Book Review: How to Stay Afloat in the Academic Library Job Pool

How to Stay Afloat in the Academic Library Job Pool

Teresa Y. Neely (ed.). Chicago: American Library Association, 2011.

how to stay afloat in the academic job pool book cover imageThere is a plethora of information out there on how to get a job, but advice on how a new library school graduate should conduct his or her first professional job search that is targeted and research-based rather than anecdotal is sorely needed.
How to Stay Afloat in the Academic Library Job Pool, edited by Teresa Neely, seeks to address this gap and in many ways is a must-read for prospective librarians while they are still in graduate school.

Neely is to be commended for acknowledging the current job market facing new library school graduates. Many reputable sources blithely ignore the reality of today's job market and continue to focus on the graying of the profession. Neely backs up her assertions with hard data, which indicates that while graduation rates from library schools are holding steady, the number of advertised academic jobs has declined since the most recent recession began.

The book is divided into sections that discuss each phase of the job search: parsing a job ad, compiling an application, phone interviewing, on-campus interviewing, presenting, and negotiating. Even job seekers who have spent large amounts of time reading general job hunting advice will find useful tidbits of information and guidance on where to focus their efforts. In the book's second chapter, Neely and coauthor Kathleen Garcia examine the job ads published in 2007 and 2008 to determine the prevalence of qualifications and personal traits listed by employers as required or preferable. For example, 21% of entry-level academic librarian jobs advertised in 2007 required knowledge of at least one Web scripting language. This is extraordinarily helpful information to have while one is still in school and able to fix a possible knowledge deficit with the deft addition of appropriate coursework to one's class schedule. Cover letter tips include addressing every required or preferred qualification listed using wording from the job ad, making clear that you've done some research on the institution, and how to address required/preferred qualifications you don't quite meet. While advice on remaining professional in all online forums shouldn't be necessary in a book for information professionals, a quick search of the NEWLIB-L archives proves otherwise. The book also provides an extremely helpful list of questions likely to be asked on a telephone interview.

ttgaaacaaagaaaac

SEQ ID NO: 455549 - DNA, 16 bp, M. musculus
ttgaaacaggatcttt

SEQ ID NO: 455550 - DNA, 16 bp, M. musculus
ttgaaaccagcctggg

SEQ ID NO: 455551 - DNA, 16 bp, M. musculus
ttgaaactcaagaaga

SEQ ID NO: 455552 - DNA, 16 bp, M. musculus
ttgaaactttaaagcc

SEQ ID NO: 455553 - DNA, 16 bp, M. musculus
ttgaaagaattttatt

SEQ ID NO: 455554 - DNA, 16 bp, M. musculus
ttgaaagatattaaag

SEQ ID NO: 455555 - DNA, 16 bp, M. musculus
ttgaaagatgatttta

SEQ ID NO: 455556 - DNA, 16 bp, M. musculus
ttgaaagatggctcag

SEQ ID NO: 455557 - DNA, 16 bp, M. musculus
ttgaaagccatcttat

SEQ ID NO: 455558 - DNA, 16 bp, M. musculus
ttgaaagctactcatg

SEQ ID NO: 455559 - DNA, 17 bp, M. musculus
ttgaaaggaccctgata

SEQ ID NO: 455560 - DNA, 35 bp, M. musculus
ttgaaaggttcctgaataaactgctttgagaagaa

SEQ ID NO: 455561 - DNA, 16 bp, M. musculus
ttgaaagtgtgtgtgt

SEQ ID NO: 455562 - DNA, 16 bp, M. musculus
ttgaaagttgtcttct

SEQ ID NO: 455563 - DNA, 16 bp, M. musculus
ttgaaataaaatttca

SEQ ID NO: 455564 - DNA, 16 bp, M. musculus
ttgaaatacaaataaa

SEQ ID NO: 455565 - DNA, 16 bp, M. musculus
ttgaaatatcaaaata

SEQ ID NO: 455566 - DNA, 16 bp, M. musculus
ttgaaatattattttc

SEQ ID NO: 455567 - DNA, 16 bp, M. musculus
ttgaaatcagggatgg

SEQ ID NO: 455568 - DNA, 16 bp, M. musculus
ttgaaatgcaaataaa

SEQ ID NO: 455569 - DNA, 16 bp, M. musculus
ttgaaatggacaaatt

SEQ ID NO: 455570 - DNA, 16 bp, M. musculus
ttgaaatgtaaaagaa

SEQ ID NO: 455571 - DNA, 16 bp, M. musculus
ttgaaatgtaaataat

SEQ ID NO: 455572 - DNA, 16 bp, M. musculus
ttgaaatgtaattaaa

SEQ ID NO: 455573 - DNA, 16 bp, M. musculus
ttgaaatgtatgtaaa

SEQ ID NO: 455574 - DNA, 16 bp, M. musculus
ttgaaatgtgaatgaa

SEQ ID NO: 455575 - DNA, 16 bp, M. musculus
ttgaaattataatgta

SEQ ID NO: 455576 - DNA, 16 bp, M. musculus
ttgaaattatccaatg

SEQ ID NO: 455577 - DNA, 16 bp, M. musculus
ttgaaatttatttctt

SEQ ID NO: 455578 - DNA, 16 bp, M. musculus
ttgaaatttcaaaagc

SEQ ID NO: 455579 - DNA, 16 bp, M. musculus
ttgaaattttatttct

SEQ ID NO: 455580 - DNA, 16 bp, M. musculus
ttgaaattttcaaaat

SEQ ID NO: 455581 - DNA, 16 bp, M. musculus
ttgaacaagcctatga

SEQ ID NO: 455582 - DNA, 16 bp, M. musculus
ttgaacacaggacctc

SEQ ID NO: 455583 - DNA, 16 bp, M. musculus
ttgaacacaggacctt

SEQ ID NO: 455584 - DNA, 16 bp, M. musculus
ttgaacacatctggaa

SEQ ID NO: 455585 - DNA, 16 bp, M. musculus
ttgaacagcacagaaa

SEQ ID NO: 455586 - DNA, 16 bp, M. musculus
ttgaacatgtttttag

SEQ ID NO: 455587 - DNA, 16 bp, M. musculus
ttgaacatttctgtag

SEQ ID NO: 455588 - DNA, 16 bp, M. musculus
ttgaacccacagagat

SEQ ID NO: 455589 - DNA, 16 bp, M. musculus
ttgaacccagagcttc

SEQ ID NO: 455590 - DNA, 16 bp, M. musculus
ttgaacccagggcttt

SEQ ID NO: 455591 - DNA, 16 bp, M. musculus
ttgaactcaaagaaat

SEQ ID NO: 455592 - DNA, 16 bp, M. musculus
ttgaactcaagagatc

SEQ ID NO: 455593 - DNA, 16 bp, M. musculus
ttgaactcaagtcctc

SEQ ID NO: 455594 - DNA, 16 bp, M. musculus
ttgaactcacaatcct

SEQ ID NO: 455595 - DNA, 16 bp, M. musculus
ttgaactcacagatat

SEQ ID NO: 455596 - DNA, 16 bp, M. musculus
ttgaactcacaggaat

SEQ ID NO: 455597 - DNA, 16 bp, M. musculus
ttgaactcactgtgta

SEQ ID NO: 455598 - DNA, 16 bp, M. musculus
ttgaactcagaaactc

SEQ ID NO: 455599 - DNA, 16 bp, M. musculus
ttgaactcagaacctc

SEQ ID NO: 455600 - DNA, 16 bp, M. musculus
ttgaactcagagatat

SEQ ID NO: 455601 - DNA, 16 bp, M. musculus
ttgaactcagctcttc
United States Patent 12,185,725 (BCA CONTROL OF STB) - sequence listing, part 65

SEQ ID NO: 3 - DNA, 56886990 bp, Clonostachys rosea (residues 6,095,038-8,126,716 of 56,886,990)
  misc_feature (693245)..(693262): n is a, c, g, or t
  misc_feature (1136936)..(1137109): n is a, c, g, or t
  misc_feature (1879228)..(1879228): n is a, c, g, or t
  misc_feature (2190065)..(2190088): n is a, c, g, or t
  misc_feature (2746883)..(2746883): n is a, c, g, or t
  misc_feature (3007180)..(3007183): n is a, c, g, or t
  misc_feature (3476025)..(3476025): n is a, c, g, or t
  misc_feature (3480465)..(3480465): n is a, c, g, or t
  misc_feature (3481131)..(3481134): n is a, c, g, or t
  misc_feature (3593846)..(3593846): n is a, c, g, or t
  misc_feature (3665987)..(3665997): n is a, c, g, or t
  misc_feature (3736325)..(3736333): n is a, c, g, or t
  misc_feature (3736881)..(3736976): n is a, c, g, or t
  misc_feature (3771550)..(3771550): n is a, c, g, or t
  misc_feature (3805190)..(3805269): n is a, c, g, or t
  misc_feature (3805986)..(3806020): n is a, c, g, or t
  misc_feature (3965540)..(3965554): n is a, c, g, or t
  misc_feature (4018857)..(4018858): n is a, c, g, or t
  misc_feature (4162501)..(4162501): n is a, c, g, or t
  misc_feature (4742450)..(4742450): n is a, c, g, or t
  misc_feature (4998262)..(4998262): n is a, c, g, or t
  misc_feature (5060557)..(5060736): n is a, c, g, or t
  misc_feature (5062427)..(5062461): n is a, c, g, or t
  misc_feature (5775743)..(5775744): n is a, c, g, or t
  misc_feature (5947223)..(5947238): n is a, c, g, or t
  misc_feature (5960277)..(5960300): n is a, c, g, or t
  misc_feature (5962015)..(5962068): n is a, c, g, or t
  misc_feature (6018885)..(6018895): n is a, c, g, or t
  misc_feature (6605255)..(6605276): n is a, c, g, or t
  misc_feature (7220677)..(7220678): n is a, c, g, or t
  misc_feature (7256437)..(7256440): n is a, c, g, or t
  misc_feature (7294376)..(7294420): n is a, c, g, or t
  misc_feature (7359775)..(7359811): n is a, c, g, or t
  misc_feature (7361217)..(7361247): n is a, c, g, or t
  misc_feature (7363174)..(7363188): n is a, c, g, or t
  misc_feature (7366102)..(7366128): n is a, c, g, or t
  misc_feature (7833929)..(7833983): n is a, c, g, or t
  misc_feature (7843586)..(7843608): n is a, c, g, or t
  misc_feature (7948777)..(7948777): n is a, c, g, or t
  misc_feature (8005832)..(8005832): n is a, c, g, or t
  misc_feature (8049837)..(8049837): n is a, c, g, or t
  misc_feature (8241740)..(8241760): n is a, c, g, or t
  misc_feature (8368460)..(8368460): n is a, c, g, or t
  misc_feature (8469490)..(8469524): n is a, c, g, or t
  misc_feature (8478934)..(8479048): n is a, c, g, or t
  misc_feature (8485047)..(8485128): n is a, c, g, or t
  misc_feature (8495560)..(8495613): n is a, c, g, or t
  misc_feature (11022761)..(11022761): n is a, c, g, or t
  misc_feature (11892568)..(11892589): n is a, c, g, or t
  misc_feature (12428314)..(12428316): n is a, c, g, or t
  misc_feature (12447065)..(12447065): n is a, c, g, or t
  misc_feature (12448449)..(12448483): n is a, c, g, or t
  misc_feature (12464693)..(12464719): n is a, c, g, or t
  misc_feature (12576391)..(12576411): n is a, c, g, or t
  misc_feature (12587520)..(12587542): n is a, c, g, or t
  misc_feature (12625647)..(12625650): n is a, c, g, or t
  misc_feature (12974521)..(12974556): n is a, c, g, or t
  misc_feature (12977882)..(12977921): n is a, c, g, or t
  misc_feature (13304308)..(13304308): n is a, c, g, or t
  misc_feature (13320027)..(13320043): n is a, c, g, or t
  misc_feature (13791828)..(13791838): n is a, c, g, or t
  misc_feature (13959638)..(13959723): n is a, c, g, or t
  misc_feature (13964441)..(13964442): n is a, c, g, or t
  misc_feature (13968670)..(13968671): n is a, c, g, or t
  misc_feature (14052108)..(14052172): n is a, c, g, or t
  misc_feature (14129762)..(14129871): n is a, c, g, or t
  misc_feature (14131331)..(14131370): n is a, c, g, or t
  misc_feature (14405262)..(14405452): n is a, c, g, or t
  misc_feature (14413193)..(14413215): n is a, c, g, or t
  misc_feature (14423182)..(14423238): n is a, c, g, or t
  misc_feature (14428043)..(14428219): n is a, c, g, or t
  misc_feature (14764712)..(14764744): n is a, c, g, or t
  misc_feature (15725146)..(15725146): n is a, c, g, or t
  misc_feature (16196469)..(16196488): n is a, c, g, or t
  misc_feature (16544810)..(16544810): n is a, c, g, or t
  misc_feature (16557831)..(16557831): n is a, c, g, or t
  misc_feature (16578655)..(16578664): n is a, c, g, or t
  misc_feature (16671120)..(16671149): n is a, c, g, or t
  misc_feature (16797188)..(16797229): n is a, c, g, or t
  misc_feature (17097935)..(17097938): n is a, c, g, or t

How to Stay Afloat in the Academic Library Job Pool is not without its flaws. All of the chapter authors are current or recent employees of the University of New Mexico; this may skew their judgment, in some areas more than others. For example, the chapter on face-to-face interviews assumes that the interviewee has had the opportunity to learn about the personalities of the hiring committee from a telephone interview, that the institution's salary book will be available in the library, and that the institution will pay for the candidate's transportation and lodging. None of these are likely to be true for interviews at smaller or private schools. The how-to-read-a-job-ad chapter may strike a discordant note with readers who meet position qualifications, yet remain unemployed. It advises applicants to make their first job both satisfying and useful for achieving their long-term career goals; a luxury better suited to a robust job market. Similarly, the last chapter, which is written by a 2010 library school grad, assures readers that the job search will only take 5 to 8 1/2 months. She further writes that her "peers and other librarians reported sending out between ten and thirty applications before accepting a job offer" (p. 130). Speaking as one of several 2011 Emerging Leaders who graduated in 2010 and has spent almost a year on the job market, these assurances are sadly misleading and do a disservice to a book that opened so pragmatically.

Overall, the book will be useful to many. However, readers need to use discretion in heeding such advice as wearing six-inch heels to an interview to "make you look sharp during the presentation, and bring a spare set of shoes for walking" (p. 88).

Reviewed by: Megan Hodge. Megan is currently the Circulation Supervisor for Randolph-Macon College. She is an ALA Emerging Leader for 2011.